- Miyake: Music that prioritizes economics or evaluated only on how it sells may be weeded out after the pandemic. I think the coming era of music will be more grounded in reality, and will echo our personal thoughts.
Nostalgia at first sight.
- What does “time” mean to your creative activities?
- Miyake: I think music is the art of time. “Time” is peculiar, sometimes a moment feels like eternity, or a long time can pass instantly. For example, a note played by John Coltrane contains an eternity in a moment, and you may feel that time has stopped. No one may be able to do it intentionally, but I want to learn how to manipulate time.
As they say “Songs and the times change together”, I also think that it is important for music to reflect the times and the sequence of time. By making a hybrid blend of sounds reflecting the current times and recent past, I think it’s possible to create music that transcends time and dimensions. As a result, we may make a track that you have not heard but gives you a sense of deja-vu. That is what I call feeling of "Nostalgia at first sight."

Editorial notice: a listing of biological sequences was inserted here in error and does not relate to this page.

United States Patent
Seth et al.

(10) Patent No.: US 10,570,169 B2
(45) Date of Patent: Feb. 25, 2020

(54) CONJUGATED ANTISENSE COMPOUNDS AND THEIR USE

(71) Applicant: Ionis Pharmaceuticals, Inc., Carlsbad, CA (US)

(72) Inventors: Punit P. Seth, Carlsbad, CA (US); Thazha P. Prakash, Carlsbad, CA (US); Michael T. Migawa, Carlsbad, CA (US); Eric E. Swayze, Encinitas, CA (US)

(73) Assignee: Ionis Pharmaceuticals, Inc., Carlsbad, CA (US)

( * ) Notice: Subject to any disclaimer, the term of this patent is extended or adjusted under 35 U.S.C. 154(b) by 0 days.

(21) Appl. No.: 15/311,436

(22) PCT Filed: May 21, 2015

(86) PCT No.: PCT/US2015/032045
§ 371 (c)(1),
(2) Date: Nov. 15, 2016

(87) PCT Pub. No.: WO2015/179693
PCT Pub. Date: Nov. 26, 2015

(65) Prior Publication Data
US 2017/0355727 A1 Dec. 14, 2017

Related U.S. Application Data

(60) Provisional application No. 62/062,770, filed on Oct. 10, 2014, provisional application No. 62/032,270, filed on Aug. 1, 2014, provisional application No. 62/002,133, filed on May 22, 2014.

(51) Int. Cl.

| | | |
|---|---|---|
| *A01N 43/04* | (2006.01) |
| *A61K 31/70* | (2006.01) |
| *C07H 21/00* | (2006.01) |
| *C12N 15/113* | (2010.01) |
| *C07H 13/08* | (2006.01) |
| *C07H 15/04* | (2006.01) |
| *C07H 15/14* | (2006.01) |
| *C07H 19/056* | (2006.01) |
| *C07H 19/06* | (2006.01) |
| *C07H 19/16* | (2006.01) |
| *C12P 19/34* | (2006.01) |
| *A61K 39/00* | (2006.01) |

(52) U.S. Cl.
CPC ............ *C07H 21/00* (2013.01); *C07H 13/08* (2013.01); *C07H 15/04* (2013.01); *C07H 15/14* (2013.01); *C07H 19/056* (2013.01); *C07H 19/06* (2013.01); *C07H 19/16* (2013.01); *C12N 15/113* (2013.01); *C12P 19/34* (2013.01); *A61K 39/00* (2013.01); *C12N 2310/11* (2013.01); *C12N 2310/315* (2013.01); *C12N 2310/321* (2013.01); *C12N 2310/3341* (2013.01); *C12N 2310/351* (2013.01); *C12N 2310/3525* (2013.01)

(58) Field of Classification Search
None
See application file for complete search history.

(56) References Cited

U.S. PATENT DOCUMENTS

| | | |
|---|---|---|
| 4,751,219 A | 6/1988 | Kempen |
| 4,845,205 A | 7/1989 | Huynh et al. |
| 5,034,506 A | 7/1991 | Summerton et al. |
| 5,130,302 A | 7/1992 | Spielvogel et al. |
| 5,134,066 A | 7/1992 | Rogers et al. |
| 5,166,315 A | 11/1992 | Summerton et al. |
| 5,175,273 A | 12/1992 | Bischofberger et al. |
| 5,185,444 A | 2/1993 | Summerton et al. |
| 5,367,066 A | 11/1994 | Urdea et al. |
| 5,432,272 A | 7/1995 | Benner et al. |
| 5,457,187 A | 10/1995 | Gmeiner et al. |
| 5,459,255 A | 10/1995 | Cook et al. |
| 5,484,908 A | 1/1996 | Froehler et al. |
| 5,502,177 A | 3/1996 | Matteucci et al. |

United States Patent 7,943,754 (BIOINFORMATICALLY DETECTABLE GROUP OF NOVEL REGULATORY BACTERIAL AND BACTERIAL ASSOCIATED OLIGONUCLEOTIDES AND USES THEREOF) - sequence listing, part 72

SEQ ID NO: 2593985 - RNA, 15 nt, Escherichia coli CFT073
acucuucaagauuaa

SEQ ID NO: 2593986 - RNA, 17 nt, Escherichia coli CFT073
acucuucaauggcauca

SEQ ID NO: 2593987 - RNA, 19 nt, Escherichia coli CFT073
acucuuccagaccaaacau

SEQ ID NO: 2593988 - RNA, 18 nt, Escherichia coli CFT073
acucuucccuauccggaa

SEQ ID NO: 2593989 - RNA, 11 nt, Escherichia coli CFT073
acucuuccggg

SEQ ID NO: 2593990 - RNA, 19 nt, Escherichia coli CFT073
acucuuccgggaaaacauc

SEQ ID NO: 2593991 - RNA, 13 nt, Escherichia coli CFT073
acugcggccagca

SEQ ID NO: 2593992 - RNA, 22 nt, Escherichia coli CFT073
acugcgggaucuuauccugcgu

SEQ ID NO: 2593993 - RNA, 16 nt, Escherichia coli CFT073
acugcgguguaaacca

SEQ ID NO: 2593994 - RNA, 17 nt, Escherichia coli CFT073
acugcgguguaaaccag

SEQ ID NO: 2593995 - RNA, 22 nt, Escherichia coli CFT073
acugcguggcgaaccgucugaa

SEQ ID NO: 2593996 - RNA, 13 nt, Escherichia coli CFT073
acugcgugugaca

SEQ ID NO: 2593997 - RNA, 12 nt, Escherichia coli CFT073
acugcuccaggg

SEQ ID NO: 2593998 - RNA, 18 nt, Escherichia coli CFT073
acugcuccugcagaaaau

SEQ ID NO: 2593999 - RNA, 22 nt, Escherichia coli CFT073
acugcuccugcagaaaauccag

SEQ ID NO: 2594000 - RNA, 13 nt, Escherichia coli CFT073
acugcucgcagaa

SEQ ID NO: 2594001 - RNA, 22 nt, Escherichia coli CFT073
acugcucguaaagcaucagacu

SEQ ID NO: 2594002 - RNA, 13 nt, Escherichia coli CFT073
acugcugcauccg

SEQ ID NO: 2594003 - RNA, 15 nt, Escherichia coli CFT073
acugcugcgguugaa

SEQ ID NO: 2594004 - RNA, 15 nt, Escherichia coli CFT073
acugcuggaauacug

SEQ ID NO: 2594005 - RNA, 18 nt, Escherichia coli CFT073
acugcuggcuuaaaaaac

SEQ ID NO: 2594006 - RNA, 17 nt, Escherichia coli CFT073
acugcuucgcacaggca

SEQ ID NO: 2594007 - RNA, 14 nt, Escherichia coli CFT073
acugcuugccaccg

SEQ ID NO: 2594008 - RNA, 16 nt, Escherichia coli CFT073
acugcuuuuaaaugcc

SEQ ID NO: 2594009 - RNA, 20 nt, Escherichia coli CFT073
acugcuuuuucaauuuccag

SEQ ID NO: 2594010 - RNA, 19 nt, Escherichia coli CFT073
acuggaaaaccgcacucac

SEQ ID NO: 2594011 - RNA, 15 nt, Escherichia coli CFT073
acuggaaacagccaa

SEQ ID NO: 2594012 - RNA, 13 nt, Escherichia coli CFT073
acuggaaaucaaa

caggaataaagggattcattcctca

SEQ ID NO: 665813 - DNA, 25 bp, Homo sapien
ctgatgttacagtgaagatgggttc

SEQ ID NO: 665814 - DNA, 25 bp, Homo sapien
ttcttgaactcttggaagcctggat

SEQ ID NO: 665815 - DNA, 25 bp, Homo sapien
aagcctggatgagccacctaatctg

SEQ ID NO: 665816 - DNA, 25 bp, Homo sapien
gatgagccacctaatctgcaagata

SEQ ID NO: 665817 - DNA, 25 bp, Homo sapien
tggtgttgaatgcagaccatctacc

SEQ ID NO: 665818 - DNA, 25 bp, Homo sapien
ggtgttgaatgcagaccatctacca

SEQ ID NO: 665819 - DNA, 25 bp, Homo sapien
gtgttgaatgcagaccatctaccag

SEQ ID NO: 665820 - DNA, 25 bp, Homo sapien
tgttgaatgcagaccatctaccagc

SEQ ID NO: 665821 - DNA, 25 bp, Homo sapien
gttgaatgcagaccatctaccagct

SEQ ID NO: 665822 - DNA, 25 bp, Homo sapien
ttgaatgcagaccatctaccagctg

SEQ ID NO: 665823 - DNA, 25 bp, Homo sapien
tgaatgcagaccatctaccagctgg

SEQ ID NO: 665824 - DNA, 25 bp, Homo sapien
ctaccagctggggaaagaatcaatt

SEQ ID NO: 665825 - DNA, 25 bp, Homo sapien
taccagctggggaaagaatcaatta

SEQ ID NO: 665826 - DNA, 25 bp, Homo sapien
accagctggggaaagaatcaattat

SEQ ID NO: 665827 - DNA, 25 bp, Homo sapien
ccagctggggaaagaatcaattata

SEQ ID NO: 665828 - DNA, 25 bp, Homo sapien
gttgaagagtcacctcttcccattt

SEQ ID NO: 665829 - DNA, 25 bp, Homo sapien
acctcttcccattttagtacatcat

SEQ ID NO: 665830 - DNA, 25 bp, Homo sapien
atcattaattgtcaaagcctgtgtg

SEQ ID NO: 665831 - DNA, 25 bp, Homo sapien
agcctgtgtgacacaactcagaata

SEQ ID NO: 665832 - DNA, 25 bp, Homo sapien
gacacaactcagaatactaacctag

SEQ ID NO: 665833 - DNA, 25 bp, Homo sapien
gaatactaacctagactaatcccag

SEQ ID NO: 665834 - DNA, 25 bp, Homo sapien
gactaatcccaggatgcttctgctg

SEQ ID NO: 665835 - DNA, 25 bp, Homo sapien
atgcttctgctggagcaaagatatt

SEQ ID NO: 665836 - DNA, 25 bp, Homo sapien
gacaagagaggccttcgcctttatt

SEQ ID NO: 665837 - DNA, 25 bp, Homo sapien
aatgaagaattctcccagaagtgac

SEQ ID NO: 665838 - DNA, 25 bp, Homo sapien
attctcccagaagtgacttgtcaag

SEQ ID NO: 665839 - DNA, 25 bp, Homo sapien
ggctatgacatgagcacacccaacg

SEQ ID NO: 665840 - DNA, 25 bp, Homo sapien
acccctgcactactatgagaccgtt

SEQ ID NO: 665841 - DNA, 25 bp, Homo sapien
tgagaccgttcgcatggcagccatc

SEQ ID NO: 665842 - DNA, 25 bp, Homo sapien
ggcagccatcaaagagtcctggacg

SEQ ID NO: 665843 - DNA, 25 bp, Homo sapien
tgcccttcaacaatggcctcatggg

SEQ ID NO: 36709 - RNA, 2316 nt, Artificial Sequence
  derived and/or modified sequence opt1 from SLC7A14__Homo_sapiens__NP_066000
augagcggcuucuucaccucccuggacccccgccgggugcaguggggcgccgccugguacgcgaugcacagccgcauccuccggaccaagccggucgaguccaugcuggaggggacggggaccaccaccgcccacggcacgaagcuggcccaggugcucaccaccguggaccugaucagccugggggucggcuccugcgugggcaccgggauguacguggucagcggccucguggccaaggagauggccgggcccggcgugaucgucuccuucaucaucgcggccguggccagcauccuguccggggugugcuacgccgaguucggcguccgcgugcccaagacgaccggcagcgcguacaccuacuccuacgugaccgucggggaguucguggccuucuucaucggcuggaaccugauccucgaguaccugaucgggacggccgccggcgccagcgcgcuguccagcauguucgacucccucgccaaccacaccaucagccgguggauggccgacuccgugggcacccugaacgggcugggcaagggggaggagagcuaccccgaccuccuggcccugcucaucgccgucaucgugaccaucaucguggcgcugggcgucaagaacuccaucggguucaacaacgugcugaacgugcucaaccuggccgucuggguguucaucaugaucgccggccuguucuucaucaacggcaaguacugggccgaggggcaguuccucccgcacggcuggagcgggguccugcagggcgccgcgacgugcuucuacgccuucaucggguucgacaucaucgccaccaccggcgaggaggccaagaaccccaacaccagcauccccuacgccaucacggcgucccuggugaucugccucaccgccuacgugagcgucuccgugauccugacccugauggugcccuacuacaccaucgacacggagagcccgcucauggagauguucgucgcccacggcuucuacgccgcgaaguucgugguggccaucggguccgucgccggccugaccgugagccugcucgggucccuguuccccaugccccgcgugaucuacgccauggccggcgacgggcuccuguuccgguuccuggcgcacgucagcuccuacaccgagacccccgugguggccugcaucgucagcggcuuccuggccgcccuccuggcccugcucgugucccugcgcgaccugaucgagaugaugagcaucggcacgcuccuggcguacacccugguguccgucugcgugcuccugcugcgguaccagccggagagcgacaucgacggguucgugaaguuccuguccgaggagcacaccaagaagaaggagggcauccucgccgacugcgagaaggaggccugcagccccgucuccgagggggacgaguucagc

- In this era, I feel an efficient and convenient social structure is tenuous.
- Miyake: Yes, it seems like we all need to go back to basics. I’ve always distanced my work from the sense of efficiency and convenience, so my stance remains the same. But there’s always space for more contemplation.
- What is the most important thing in your creative activities?
- Miyake: The most important thing is to enhance the mind, skills, and my well-being and to be able to create universal work that resist the rigors of time. I hope to create music I’ll always want to listen to.
- STAFF CREDIT
Music Jun Miyake
Direction & Produce Yoshihiro Sakurai (TOKION)
Photography Mayumi Hosokura
Movie Produce Yuki Isshiki (VISUALNOTES)
Movie Direction Ayanori Hamada (VISUALNOTES)
Cinematography Takayuki Yaginuma
Lighting Direction Shinya Ishiduka
Hair & Make up Yousuke Toyoda (Rooster)
Styling Kanako Sugiura
Model Mutsuma Ito, Rina Oya
Production Management Misaki Miyachi (VISUALNOTES)
Design Akihisa Arakawa
Mark up Takashi Oishi
Cooperation Yohji Yamamoto, AURALEE
Edit & Text Jun Ashizawa (TOKION)